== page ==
I’ve been watching the happenings in Baltimore with interest this week and if you haven’t been, you should be. The protests and sometimes violent outbursts going on there were spurred by the death of a black man, Freddie Gray, in police custody. At some point, is spine was snapped during his arrest and the police made no call for medical help. The issue in this case isn’t necessarily police brutality, but police neglect.
ThinkProgress has put up an article cataloging police indifference which resulted in death. They have four examples where police neglected the health and welfare of their prisoner and it resulted in death. As this article and the Freddie Gray story highlight, there are more problems with American police than just gun deaths and brutality.
But there’s another category of injury and even death that can come from arrest, either during police brutality or even in its absence: Disregard for the well-being of an individual who has now been transformed into a suspect or defendant. This neglect was on full display in the death of Eric Garner. Officers held him in an illegal chokehold. But the real display of callousness came as they ignored his pleas of “I can’t breathe.”
“I can’t breathe.” That is a particularly poignant sentence. As the article notes, it is not just neglect that caused some prisoners to die. In the case of Jorge Azuneca, an officer told him, “You can talk, so you can breathe.” That’s not just neglect. That is evidence that these officers do not put any value on the lives in their care. They simply do not care.
What is interesting me today is how some of the biggest defenders of the police are conservative religious pro-lifers. My Facebook feed was full of my conservative friends talking about how the “rioters” are idiots (and worse) and that the victims of police brutality were criminals and therefore didn’t deserve consideration anyway. “If they didn’t want the police to get them, they shouldn’t have committed a crime in the first place.” I had to mute quite a few people so I wouldn’t have to see such comments.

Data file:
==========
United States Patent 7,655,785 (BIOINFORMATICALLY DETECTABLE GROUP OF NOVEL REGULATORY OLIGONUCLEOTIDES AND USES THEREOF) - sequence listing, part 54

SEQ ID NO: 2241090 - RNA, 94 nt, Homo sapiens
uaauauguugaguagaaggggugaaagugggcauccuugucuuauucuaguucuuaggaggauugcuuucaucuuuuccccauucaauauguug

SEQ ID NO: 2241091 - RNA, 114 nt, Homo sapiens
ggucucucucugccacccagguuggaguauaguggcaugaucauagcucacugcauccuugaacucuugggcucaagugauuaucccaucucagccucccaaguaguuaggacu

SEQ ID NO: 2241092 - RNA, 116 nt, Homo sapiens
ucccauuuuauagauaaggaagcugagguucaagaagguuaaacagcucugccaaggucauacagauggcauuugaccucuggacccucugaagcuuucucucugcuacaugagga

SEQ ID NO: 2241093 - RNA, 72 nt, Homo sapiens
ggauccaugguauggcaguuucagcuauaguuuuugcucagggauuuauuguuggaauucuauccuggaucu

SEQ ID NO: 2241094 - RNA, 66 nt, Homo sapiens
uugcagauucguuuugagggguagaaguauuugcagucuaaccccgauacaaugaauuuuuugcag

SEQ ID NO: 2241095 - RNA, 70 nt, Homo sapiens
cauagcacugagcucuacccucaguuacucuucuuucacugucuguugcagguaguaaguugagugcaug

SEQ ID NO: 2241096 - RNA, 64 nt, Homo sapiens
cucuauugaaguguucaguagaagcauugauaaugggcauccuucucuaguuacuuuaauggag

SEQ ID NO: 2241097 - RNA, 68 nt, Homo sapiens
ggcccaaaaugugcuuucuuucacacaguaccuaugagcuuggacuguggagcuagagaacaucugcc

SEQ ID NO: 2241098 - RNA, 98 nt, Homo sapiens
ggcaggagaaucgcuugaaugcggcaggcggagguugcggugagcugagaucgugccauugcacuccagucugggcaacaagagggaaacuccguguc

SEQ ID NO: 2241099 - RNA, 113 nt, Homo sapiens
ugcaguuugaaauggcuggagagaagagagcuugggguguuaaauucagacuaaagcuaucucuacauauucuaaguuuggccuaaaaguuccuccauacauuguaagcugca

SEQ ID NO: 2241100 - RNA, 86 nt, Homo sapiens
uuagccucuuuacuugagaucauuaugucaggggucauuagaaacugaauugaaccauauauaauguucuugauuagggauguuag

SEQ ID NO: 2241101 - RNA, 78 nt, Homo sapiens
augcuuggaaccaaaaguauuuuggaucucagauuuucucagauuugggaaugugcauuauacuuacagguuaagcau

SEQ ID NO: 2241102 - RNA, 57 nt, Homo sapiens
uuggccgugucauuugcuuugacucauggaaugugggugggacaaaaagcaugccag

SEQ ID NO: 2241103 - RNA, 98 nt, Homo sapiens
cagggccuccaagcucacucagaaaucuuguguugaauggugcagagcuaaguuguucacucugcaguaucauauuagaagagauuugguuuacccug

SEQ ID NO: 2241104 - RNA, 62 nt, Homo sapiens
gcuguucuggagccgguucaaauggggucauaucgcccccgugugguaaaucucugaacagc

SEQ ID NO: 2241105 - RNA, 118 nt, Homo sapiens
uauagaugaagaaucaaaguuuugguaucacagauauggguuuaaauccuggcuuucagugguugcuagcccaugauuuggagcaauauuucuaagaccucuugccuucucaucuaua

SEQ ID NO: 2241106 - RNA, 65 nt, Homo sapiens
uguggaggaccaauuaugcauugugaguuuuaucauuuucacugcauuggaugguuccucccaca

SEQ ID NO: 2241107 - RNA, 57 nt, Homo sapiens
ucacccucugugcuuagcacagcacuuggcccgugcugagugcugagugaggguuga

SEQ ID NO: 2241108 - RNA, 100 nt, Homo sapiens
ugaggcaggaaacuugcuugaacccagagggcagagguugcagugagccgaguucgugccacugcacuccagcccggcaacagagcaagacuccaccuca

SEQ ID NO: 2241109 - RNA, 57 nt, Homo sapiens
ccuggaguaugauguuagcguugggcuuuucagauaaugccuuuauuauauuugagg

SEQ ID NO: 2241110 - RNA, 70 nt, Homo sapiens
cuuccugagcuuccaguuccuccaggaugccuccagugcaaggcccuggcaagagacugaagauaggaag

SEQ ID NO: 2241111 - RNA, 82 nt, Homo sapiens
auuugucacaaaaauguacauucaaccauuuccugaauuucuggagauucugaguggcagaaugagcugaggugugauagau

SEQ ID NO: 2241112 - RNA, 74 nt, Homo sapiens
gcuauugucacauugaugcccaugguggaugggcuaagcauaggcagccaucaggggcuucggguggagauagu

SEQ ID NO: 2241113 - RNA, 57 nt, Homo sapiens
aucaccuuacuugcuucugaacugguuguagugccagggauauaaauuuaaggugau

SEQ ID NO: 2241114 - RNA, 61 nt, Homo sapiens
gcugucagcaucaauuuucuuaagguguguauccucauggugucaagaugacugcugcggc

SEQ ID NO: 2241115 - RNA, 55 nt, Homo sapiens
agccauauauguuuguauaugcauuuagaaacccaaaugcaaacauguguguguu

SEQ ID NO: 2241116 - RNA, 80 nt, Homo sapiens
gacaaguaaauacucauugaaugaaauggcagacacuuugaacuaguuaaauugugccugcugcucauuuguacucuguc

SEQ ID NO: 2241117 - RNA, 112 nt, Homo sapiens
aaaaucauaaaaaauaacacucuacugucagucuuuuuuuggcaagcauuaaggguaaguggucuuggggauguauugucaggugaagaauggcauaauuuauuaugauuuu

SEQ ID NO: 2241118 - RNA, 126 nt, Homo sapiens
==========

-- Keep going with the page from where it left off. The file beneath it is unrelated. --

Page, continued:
I am distressed by the disconnect between people’s pro-life values and their care for the human lives in police custody. The pro-lifers I know are earnest, good people, but at some level they stop caring. Once a person is born, their value seems to go down. You can see this in the pro-lifers’ support for cutting benefits for the needy, supporting the death penalty and, of course, the way a “criminal’s” life has less value than a non-criminal.
To be clear, not all pro-lifers are like this. There are plenty of movements towards a “consistent life ethic.” ConsistentLife.org is one. There is this letter to Congress asking for politicians to have a consistent life ethic. And there are essays like this one from Christian Ethics Today. Some people are trying to be consistent and they should not be lumped in with those who are not.
The people who should really be outraged at the treatment of Freddie Gray and others are the pro-life crowd. So why are they not? Why do they seem to be supporting the police who have let people die or have killed people indiscriminately? What’s the difference between an unborn child and a born person? Apparently the former is more valuable in the eyes of some pro-lifers.
If ever there was a call for the pro-life movement to stand up and do some good, this is it. This is their issue: the value and the sanctity of human life. It is too bad that they are failing the test of their beliefs when so many lives are at stake.